After Seattle scored their first touchdown (the pass from Hasselbeck to Stevens in the end zone where Troy looked like he got caught looking inside and/or got picked), the Steelers defense was on the sidelines and the camera showed Joey Porter talking to the defensive backs.

Porter: The touchdown with the tight end, that's wide open -- we're better than that.

Hope: The touchdown with the tight end? That's James!

Porter: Whoever it is, I'm saying, 'We're better than that.' Make them earn it.

I can only assume Hope was talking about James Farrior blowing a coverage, but I really have no way of knowing for sure. Still, two things stuck out to me as I watched this the first time.

First, I was really surprised to see Hope blame somebody else. One of the great things about watching the Steelers is that you seldom see a lot of histrionics on the sidelines. Even when this team was 6-10, nobody -- at least publicly -- made a peep, and there were never any Willie-McGinest-open-handed-slapping-Larry-Izzo moments on the field. Just a bunch of guys playing hard. Even when Tim Lewis was the defensive coordinator, I don't remember any players complaining in the papers about his schemes. It was only after Lewis was fired did some people question what he was doing, and how he went about doing it.

Second, of all the Steelers I would expect to be "leading," Joey Porter wouldn't be in my top 10. The fact that he was more concerned with everybody doing their jobs and less concerned (or not concerned at all) with laying blame says a lot about what he thinks is important. Even after Hope made his "Blame James!" comment, Porter was more interested in the defense playing together as a unit than pointing fingers. Interesting.

So maybe it's better that Hope ended up in Tennessee. Or maybe the Steelers should've re-signed him and the team will suffer in 2006 as a consequence. I'm betting on the former, especially if Dick LeBeau is coordinating the defense. I offer the following mathematical statement as proof: Ryan Clark + Tyrone Carter + Anthony Smith > Chris Hope. Q.E.D.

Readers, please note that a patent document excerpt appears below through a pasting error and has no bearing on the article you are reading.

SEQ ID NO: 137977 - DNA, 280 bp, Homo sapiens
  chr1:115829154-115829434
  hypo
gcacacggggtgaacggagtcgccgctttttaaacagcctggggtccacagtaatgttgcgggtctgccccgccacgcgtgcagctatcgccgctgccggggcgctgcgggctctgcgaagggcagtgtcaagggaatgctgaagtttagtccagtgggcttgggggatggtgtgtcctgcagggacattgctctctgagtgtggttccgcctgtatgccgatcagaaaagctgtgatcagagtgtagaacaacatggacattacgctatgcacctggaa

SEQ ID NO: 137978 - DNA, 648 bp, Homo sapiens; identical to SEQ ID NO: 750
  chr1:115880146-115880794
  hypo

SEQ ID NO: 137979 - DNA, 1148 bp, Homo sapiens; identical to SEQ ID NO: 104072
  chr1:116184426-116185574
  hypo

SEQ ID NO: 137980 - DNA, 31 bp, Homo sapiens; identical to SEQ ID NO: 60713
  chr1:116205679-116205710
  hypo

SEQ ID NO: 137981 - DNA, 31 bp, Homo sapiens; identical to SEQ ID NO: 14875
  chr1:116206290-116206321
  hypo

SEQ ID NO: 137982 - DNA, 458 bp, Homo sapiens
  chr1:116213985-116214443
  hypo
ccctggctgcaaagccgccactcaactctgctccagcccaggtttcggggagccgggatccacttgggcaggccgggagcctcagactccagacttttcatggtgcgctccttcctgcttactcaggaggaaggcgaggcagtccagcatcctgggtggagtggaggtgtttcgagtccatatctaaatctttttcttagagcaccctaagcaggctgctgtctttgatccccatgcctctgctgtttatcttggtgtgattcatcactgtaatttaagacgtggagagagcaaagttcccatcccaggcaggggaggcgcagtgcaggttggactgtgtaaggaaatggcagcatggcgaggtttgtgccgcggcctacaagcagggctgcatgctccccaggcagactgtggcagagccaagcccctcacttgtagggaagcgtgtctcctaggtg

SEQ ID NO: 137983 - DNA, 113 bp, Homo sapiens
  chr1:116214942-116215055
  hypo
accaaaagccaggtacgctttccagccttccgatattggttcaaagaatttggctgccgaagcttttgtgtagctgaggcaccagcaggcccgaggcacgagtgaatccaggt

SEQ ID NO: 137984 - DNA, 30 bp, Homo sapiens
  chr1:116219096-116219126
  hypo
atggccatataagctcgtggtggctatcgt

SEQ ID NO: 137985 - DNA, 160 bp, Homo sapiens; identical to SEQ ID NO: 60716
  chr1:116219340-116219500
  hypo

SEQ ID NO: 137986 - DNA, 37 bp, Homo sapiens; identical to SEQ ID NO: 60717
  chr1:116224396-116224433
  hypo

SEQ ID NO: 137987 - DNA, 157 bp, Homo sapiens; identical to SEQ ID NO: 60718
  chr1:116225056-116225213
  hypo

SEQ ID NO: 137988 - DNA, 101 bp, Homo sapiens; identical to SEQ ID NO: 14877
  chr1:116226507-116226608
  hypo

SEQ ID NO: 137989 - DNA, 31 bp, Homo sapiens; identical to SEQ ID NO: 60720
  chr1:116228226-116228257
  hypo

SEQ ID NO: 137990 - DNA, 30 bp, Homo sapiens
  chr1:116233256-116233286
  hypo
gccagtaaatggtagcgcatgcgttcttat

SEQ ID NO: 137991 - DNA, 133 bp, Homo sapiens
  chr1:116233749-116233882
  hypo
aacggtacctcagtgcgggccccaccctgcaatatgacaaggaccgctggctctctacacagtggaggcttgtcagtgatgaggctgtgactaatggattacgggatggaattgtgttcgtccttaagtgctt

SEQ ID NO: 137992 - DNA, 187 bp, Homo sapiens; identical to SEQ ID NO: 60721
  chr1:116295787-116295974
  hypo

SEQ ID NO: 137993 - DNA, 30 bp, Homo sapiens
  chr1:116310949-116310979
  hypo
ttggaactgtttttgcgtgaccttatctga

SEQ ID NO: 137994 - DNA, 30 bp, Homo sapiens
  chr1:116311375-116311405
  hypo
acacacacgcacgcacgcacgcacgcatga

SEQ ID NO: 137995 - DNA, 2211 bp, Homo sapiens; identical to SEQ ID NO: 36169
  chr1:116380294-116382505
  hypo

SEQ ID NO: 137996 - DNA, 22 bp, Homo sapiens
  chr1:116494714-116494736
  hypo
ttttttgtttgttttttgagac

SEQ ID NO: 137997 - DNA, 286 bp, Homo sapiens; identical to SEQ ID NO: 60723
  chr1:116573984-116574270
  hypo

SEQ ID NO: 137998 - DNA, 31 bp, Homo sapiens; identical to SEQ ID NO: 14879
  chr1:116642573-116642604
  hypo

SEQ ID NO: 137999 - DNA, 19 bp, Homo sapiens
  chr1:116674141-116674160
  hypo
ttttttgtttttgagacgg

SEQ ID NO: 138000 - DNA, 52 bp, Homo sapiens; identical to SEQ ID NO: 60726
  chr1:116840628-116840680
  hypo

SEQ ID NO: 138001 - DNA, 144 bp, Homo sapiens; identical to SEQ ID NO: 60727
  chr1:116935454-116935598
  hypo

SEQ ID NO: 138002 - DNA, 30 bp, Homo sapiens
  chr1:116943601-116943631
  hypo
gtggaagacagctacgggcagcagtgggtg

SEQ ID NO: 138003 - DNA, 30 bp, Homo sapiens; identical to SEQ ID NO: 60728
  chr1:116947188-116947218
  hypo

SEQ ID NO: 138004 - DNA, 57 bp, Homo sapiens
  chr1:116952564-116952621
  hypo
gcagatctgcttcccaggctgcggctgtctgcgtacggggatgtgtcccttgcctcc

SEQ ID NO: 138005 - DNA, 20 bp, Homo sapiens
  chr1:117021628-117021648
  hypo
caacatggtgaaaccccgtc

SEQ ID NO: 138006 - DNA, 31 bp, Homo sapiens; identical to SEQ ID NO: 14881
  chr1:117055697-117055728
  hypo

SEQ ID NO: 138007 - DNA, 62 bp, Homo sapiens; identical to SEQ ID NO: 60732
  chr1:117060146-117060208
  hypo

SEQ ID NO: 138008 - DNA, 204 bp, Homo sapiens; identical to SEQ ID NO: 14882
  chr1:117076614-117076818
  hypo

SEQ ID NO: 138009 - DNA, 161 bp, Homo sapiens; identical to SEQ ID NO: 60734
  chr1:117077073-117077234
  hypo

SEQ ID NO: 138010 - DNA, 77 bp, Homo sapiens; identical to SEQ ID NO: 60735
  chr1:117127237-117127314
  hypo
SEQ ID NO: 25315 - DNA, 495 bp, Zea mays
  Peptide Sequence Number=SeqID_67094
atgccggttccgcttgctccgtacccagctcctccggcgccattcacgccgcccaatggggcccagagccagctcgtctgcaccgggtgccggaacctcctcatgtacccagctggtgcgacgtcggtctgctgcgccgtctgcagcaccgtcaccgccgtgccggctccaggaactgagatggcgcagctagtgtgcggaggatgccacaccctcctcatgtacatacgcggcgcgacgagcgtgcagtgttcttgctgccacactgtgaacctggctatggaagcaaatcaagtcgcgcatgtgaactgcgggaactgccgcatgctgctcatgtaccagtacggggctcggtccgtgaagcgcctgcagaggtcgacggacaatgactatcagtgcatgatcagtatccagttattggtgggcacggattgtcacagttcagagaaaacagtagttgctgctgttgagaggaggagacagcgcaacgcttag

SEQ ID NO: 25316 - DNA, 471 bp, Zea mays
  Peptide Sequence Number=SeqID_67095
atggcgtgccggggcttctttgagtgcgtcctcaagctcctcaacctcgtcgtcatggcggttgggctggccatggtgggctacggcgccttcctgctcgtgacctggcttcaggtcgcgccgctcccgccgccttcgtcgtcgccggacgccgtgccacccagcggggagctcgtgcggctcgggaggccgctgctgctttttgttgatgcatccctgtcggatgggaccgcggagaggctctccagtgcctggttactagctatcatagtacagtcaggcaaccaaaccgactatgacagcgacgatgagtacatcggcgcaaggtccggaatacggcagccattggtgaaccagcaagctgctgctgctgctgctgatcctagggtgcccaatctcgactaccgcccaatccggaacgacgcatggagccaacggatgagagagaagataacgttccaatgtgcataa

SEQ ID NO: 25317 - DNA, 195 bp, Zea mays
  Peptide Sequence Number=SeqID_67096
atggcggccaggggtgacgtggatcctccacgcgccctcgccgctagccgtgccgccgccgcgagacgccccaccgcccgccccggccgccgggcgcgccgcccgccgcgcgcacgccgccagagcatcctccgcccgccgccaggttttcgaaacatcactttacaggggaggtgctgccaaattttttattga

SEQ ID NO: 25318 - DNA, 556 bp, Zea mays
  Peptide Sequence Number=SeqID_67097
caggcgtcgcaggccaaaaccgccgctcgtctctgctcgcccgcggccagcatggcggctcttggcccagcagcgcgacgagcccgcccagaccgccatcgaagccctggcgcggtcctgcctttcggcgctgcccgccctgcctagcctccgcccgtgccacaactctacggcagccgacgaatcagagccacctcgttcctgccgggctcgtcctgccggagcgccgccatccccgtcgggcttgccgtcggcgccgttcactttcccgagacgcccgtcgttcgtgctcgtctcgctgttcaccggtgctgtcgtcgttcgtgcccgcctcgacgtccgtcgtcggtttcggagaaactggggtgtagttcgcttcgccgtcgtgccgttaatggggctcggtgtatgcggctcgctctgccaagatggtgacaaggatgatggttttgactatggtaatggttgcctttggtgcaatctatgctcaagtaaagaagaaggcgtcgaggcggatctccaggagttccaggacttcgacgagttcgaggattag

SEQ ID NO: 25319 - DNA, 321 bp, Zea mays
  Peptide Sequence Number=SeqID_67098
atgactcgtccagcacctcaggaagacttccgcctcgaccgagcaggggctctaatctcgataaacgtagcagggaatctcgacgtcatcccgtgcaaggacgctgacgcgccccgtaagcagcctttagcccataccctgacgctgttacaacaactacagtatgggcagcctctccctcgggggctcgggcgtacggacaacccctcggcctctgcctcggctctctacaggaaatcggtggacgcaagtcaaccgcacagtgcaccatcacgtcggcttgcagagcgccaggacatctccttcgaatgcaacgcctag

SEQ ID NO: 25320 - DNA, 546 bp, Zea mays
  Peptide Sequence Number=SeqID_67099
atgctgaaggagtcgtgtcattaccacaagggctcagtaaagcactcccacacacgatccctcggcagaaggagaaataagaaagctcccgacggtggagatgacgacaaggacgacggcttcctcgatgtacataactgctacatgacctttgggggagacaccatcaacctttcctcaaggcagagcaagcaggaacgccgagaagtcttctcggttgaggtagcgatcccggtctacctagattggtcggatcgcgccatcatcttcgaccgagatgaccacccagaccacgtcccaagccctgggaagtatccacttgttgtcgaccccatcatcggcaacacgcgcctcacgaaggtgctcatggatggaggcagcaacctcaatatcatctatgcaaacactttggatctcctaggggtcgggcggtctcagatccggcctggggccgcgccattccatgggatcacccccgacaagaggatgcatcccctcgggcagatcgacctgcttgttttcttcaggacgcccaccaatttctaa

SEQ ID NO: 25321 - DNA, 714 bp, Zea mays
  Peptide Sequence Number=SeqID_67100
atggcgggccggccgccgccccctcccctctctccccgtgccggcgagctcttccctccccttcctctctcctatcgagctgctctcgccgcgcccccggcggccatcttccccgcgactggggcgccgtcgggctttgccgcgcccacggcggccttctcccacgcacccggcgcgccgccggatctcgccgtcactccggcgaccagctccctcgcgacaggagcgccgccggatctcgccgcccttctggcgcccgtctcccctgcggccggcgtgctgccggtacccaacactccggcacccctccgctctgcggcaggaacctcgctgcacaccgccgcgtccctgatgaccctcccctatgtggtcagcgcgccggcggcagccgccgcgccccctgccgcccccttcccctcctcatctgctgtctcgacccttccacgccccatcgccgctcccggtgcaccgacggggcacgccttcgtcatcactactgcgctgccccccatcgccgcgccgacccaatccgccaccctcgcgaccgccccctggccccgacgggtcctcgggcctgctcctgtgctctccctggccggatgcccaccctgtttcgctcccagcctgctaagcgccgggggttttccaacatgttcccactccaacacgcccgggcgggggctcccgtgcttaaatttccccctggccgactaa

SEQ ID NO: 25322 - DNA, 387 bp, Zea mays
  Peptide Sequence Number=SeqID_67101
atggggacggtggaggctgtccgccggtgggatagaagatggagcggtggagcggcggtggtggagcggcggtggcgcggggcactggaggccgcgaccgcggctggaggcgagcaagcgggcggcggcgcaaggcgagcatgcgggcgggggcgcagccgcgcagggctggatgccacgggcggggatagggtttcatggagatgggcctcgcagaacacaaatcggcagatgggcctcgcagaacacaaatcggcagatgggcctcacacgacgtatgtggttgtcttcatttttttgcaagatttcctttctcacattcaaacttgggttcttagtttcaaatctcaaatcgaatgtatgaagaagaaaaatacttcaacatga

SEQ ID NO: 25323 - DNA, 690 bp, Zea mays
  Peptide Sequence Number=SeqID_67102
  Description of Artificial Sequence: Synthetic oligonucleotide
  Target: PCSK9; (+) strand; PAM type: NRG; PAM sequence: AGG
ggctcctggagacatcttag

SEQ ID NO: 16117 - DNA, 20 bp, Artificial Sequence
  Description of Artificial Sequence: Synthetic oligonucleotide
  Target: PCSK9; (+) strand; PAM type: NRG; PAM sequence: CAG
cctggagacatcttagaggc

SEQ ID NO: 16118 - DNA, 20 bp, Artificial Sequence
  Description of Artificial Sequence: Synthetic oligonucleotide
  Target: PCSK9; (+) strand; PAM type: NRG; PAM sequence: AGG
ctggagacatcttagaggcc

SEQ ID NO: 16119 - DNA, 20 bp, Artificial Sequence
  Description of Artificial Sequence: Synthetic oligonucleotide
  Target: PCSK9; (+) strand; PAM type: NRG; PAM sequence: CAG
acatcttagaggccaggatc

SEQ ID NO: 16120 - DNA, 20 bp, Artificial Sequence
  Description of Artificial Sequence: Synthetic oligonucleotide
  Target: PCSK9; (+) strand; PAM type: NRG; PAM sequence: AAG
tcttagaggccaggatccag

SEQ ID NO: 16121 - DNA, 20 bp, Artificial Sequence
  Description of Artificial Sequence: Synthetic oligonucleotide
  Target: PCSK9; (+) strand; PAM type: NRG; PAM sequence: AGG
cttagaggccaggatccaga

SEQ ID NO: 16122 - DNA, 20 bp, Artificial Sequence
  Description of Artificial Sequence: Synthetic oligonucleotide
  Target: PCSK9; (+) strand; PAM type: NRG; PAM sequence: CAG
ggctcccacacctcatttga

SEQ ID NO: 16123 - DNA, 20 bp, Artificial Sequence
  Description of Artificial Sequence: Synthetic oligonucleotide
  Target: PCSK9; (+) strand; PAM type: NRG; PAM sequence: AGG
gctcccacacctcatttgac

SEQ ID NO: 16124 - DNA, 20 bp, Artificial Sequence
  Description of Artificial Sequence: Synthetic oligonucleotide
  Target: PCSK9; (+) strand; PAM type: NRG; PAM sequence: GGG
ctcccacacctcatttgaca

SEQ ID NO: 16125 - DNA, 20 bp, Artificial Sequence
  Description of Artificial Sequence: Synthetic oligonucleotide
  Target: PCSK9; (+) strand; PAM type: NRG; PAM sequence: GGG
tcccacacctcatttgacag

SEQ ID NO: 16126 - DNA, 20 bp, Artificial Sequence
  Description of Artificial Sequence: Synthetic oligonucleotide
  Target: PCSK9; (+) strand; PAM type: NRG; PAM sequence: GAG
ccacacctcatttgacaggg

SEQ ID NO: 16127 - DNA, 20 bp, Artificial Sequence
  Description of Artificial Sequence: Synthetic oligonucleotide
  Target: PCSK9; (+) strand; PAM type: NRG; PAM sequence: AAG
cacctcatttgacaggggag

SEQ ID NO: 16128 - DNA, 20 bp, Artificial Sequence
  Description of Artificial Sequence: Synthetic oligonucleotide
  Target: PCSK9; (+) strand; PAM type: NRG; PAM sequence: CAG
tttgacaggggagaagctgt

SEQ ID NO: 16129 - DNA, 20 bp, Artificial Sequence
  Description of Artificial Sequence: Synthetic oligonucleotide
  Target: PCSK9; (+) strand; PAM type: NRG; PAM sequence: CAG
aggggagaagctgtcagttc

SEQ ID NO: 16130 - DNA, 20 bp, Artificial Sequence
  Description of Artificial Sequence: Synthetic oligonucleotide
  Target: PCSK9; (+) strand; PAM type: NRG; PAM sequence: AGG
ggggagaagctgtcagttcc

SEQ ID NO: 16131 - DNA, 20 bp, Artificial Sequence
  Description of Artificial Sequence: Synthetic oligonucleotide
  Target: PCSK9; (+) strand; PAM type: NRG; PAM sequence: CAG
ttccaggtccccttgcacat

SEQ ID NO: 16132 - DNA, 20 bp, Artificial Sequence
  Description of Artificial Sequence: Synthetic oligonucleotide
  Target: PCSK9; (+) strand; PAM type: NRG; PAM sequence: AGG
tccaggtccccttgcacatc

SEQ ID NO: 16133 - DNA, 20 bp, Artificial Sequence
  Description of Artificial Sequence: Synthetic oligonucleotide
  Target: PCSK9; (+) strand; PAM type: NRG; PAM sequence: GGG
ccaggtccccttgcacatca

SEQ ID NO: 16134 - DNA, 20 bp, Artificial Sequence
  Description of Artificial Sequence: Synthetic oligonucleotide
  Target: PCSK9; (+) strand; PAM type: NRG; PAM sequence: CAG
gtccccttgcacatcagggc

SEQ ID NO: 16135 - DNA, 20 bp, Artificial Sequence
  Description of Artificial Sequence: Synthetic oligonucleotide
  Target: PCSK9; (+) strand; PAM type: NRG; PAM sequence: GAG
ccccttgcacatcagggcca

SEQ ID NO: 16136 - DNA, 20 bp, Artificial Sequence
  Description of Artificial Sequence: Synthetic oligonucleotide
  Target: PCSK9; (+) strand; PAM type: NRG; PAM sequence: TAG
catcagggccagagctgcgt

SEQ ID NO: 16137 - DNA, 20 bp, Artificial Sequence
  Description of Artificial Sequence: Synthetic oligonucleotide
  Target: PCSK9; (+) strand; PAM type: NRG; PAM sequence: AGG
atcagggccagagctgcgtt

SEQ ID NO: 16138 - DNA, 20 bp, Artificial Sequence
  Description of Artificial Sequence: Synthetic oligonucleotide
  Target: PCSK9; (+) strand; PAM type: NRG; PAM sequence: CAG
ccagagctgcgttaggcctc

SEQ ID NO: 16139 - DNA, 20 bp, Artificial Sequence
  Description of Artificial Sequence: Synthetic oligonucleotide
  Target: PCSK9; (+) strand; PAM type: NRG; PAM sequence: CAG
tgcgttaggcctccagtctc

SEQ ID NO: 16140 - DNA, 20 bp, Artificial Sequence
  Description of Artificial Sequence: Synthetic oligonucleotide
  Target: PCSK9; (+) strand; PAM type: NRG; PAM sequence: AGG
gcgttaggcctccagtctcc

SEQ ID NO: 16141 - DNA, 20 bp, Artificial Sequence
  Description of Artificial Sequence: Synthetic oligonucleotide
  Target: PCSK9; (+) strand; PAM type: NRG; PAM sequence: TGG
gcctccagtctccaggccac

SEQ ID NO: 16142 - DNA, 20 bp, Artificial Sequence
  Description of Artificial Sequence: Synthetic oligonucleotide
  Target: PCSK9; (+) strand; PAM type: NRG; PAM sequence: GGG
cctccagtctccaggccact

... As long as I'm talking about Clark, is anybody worried that this guy won't step in and do a solid job? Yeah, he won't be spectacular, but that's not in the job description. Just in case you're not convinced, here's a good read from last summer on Clark.

... By now we've all heard about Hines Ward taping his name to his helmet until he makes the team. Nice gesture by the veteran. In fact, I decided to do the exact same thing at my job. Of course I work in an office, don't usually wear a helmet and I take the subway to work, but those are pesky details.

... Bob Labriola has a nice little recap of Nate Washington's weekend. I tend to agree with those people who think that the Steelers will probably carry six wideouts and the list will include both Willie Reid and Nate Washington. Labriola also notices Omar Jacobs, who I am officially nicknaming The Predator.

... Let me say I was shocked -- Shocked! -- to hear Joey Porter running his yap in anticipation of his White House visit. This is easily my favorite part:

Defensive tackle Casey Hampton has already had the opportunity to meet the President. Hampton worked out with the President when he was at the University of Texas and Bush the governor.

"I haven't talked to him a lot since -- he wasn't the president then," said Hampton. "It's a little harder to see him."

It still impresses his teammates, though.

"He actually calls Casey 'Big Hamp.' That trips me out," said linebacker Joey Porter, of the President's name for Hampton. "Like, he knows the president. How do you get to know the president? It's crazy.

"I'll try to get on that level with him, like, 'Peezy, what's happening?' So if I get to the point where the president is calling me Peezy, it will be a good situation."

... In case you missed any of the minicamp interviews, you can watch them here.

... And finally, I don't know if this is real or not, but I'm assuming it is until I hear otherwise. Ladies and gentlemen, your 2006 Baltimore Ravens!